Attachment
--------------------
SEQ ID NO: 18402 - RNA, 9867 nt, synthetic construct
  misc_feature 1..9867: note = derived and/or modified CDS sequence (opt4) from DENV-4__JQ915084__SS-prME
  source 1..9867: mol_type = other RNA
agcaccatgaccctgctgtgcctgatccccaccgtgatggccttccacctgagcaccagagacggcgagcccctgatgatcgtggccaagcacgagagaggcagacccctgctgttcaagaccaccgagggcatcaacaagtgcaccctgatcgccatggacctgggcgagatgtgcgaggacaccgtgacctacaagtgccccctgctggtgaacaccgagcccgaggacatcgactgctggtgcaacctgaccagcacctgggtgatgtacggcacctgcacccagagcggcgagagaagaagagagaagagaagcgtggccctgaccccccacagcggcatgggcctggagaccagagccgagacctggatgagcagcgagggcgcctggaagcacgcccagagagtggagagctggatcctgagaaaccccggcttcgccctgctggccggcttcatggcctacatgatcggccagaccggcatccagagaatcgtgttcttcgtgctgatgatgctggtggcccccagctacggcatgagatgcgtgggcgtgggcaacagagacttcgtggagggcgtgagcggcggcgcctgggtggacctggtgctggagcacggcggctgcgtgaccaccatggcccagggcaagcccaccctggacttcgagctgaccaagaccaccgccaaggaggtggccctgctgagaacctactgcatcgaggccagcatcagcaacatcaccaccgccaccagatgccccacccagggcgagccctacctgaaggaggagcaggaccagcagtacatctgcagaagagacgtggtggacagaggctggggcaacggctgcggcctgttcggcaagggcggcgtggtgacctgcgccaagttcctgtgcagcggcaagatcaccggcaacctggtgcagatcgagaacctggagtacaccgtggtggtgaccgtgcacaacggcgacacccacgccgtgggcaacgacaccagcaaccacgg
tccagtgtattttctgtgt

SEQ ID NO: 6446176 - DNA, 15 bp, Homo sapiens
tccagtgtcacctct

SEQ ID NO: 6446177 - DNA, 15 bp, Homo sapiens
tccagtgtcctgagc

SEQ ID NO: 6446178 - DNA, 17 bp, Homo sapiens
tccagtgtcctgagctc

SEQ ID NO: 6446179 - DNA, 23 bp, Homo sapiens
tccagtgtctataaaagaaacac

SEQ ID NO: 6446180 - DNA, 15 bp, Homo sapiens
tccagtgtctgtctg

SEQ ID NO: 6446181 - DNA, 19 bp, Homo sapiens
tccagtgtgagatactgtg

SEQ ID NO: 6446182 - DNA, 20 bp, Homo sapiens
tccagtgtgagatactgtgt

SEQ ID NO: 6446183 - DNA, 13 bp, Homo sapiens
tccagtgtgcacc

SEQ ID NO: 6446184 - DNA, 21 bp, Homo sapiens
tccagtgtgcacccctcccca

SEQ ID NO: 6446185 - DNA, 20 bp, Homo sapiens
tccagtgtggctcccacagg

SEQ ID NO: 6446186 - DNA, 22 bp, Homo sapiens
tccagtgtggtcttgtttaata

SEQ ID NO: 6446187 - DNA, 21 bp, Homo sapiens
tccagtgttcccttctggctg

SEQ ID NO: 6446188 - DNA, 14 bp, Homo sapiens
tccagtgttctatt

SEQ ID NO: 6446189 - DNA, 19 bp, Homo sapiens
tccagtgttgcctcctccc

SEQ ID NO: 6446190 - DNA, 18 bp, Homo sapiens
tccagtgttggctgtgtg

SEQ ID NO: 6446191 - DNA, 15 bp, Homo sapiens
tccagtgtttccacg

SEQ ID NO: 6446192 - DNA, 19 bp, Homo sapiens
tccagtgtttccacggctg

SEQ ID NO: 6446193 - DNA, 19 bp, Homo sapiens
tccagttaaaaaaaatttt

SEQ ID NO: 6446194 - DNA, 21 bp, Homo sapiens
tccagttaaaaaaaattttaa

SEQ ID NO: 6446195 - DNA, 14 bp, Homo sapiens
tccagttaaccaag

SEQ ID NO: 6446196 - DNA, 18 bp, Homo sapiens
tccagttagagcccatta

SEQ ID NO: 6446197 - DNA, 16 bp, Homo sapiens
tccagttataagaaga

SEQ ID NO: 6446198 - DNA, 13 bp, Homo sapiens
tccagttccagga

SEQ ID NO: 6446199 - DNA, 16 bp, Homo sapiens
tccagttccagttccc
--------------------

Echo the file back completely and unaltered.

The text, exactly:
SEQ ID NO: 18402 - RNA, 9867 nt, synthetic construct
  misc_feature 1..9867: note = derived and/or modified CDS sequence (opt4) from DENV-4__JQ915084__SS-prME
  source 1..9867: mol_type = other RNA
agcaccatgaccctgctgtgcctgatccccaccgtgatggccttccacctgagcaccagagacggcgagcccctgatgatcgtggccaagcacgagagaggcagacccctgctgttcaagaccaccgagggcatcaacaagtgcaccctgatcgccatggacctgggcgagatgtgcgaggacaccgtgacctacaagtgccccctgctggtgaacaccgagcccgaggacatcgactgctggtgcaacctgaccagcacctgggtgatgtacggcacctgcacccagagcggcgagagaagaagagagaagagaagcgtggccctgaccccccacagcggcatgggcctggagaccagagccgagacctggatgagcagcgagggcgcctggaagcacgcccagagagtggagagctggatcctgagaaaccccggcttcgccctgctggccggcttcatggcctacatgatcggccagaccggcatccagagaatcgtgttcttcgtgctgatgatgctggtggcccccagctacggcatgagatgcgtgggcgtgggcaacagagacttcgtggagggcgtgagcggcggcgcctgggtggacctggtgctggagcacggcggctgcgtgaccaccatggcccagggcaagcccaccctggacttcgagctgaccaagaccaccgccaaggaggtggccctgctgagaacctactgcatcgaggccagcatcagcaacatcaccaccgccaccagatgccccacccagggcgagccctacctgaaggaggagcaggaccagcagtacatctgcagaagagacgtggtggacagaggctggggcaacggctgcggcctgttcggcaagggcggcgtggtgacctgcgccaagttcctgtgcagcggcaagatcaccggcaacctggtgcagatcgagaacctggagtacaccgtggtggtgaccgtgcacaacggcgacacccacgccgtgggcaacgacaccagcaaccacgg
tccagtgtattttctgtgt

SEQ ID NO: 6446176 - DNA, 15 bp, Homo sapiens
tccagtgtcacctct

SEQ ID NO: 6446177 - DNA, 15 bp, Homo sapiens
tccagtgtcctgagc

SEQ ID NO: 6446178 - DNA, 17 bp, Homo sapiens
tccagtgtcctgagctc

SEQ ID NO: 6446179 - DNA, 23 bp, Homo sapiens
tccagtgtctataaaagaaacac

SEQ ID NO: 6446180 - DNA, 15 bp, Homo sapiens
tccagtgtctgtctg

SEQ ID NO: 6446181 - DNA, 19 bp, Homo sapiens
tccagtgtgagatactgtg

SEQ ID NO: 6446182 - DNA, 20 bp, Homo sapiens
tccagtgtgagatactgtgt

SEQ ID NO: 6446183 - DNA, 13 bp, Homo sapiens
tccagtgtgcacc

SEQ ID NO: 6446184 - DNA, 21 bp, Homo sapiens
tccagtgtgcacccctcccca

SEQ ID NO: 6446185 - DNA, 20 bp, Homo sapiens
tccagtgtggctcccacagg

SEQ ID NO: 6446186 - DNA, 22 bp, Homo sapiens
tccagtgtggtcttgtttaata

SEQ ID NO: 6446187 - DNA, 21 bp, Homo sapiens
tccagtgttcccttctggctg

SEQ ID NO: 6446188 - DNA, 14 bp, Homo sapiens
tccagtgttctatt

SEQ ID NO: 6446189 - DNA, 19 bp, Homo sapiens
tccagtgttgcctcctccc

SEQ ID NO: 6446190 - DNA, 18 bp, Homo sapiens
tccagtgttggctgtgtg

SEQ ID NO: 6446191 - DNA, 15 bp, Homo sapiens
tccagtgtttccacg

SEQ ID NO: 6446192 - DNA, 19 bp, Homo sapiens
tccagtgtttccacggctg

SEQ ID NO: 6446193 - DNA, 19 bp, Homo sapiens
tccagttaaaaaaaatttt

SEQ ID NO: 6446194 - DNA, 21 bp, Homo sapiens
tccagttaaaaaaaattttaa

SEQ ID NO: 6446195 - DNA, 14 bp, Homo sapiens
tccagttaaccaag

SEQ ID NO: 6446196 - DNA, 18 bp, Homo sapiens
tccagttagagcccatta

SEQ ID NO: 6446197 - DNA, 16 bp, Homo sapiens
tccagttataagaaga

SEQ ID NO: 6446198 - DNA, 13 bp, Homo sapiens
tccagttccagga

SEQ ID NO: 6446199 - DNA, 16 bp, Homo sapiens
tccagttccagttccc